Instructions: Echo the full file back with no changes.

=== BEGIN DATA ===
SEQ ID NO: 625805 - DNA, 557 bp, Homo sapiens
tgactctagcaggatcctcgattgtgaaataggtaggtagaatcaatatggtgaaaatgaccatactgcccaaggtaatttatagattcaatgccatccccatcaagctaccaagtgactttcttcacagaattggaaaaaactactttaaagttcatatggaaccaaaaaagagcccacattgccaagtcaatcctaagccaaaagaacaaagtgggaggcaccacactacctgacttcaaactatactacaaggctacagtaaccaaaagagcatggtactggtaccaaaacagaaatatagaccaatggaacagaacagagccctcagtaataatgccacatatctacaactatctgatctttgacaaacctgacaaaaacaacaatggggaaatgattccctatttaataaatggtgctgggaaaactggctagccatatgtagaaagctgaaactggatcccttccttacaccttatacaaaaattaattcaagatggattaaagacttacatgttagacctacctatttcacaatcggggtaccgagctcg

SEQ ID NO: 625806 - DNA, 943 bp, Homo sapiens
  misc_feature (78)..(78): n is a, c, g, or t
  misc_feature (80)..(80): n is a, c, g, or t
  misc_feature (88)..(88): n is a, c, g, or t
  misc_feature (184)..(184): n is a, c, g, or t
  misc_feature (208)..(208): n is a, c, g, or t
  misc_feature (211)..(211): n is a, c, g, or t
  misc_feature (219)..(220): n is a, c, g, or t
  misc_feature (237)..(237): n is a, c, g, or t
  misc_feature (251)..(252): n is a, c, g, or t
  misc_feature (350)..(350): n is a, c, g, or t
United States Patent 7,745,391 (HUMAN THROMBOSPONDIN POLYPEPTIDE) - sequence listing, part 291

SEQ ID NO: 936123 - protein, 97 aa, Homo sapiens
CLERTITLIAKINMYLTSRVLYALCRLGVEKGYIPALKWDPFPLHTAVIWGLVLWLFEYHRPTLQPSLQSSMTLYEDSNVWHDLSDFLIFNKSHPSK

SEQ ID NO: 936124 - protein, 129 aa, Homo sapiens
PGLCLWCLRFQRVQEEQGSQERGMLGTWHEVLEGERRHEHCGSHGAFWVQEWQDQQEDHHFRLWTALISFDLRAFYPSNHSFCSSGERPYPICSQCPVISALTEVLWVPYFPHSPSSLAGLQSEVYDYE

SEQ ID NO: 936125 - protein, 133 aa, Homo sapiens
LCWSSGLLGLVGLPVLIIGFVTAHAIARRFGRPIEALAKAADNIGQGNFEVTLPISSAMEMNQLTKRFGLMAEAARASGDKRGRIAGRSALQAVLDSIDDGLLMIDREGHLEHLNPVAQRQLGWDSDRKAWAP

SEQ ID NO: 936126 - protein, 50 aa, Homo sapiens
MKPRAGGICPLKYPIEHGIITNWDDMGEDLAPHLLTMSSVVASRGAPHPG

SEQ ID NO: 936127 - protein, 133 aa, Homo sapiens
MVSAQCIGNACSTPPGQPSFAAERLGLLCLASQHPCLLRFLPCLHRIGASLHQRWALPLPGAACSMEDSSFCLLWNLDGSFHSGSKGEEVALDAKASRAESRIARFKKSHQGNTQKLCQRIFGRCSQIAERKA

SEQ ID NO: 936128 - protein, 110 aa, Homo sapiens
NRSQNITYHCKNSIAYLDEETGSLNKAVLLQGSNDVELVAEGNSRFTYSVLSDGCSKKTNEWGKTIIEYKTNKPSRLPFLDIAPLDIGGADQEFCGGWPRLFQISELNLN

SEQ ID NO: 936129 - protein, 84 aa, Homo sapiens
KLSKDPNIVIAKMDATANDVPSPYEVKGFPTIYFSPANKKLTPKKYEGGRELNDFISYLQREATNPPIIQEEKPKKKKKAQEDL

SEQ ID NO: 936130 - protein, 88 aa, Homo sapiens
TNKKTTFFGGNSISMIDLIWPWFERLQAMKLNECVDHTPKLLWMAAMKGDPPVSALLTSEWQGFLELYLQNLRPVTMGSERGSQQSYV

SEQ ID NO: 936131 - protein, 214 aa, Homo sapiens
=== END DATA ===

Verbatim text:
SEQ ID NO: 625805 - DNA, 557 bp, Homo sapiens
tgactctagcaggatcctcgattgtgaaataggtaggtagaatcaatatggtgaaaatgaccatactgcccaaggtaatttatagattcaatgccatccccatcaagctaccaagtgactttcttcacagaattggaaaaaactactttaaagttcatatggaaccaaaaaagagcccacattgccaagtcaatcctaagccaaaagaacaaagtgggaggcaccacactacctgacttcaaactatactacaaggctacagtaaccaaaagagcatggtactggtaccaaaacagaaatatagaccaatggaacagaacagagccctcagtaataatgccacatatctacaactatctgatctttgacaaacctgacaaaaacaacaatggggaaatgattccctatttaataaatggtgctgggaaaactggctagccatatgtagaaagctgaaactggatcccttccttacaccttatacaaaaattaattcaagatggattaaagacttacatgttagacctacctatttcacaatcggggtaccgagctcg

SEQ ID NO: 625806 - DNA, 943 bp, Homo sapiens
  misc_feature (78)..(78): n is a, c, g, or t
  misc_feature (80)..(80): n is a, c, g, or t
  misc_feature (88)..(88): n is a, c, g, or t
  misc_feature (184)..(184): n is a, c, g, or t
  misc_feature (208)..(208): n is a, c, g, or t
  misc_feature (211)..(211): n is a, c, g, or t
  misc_feature (219)..(220): n is a, c, g, or t
  misc_feature (237)..(237): n is a, c, g, or t
  misc_feature (251)..(252): n is a, c, g, or t
  misc_feature (350)..(350): n is a, c, g, or t
United States Patent 7,745,391 (HUMAN THROMBOSPONDIN POLYPEPTIDE) - sequence listing, part 291

SEQ ID NO: 936123 - protein, 97 aa, Homo sapiens
CLERTITLIAKINMYLTSRVLYALCRLGVEKGYIPALKWDPFPLHTAVIWGLVLWLFEYHRPTLQPSLQSSMTLYEDSNVWHDLSDFLIFNKSHPSK

SEQ ID NO: 936124 - protein, 129 aa, Homo sapiens
PGLCLWCLRFQRVQEEQGSQERGMLGTWHEVLEGERRHEHCGSHGAFWVQEWQDQQEDHHFRLWTALISFDLRAFYPSNHSFCSSGERPYPICSQCPVISALTEVLWVPYFPHSPSSLAGLQSEVYDYE

SEQ ID NO: 936125 - protein, 133 aa, Homo sapiens
LCWSSGLLGLVGLPVLIIGFVTAHAIARRFGRPIEALAKAADNIGQGNFEVTLPISSAMEMNQLTKRFGLMAEAARASGDKRGRIAGRSALQAVLDSIDDGLLMIDREGHLEHLNPVAQRQLGWDSDRKAWAP

SEQ ID NO: 936126 - protein, 50 aa, Homo sapiens
MKPRAGGICPLKYPIEHGIITNWDDMGEDLAPHLLTMSSVVASRGAPHPG

SEQ ID NO: 936127 - protein, 133 aa, Homo sapiens
MVSAQCIGNACSTPPGQPSFAAERLGLLCLASQHPCLLRFLPCLHRIGASLHQRWALPLPGAACSMEDSSFCLLWNLDGSFHSGSKGEEVALDAKASRAESRIARFKKSHQGNTQKLCQRIFGRCSQIAERKA

SEQ ID NO: 936128 - protein, 110 aa, Homo sapiens
NRSQNITYHCKNSIAYLDEETGSLNKAVLLQGSNDVELVAEGNSRFTYSVLSDGCSKKTNEWGKTIIEYKTNKPSRLPFLDIAPLDIGGADQEFCGGWPRLFQISELNLN

SEQ ID NO: 936129 - protein, 84 aa, Homo sapiens
KLSKDPNIVIAKMDATANDVPSPYEVKGFPTIYFSPANKKLTPKKYEGGRELNDFISYLQREATNPPIIQEEKPKKKKKAQEDL

SEQ ID NO: 936130 - protein, 88 aa, Homo sapiens
TNKKTTFFGGNSISMIDLIWPWFERLQAMKLNECVDHTPKLLWMAAMKGDPPVSALLTSEWQGFLELYLQNLRPVTMGSERGSQQSYV

SEQ ID NO: 936131 - protein, 214 aa, Homo sapiens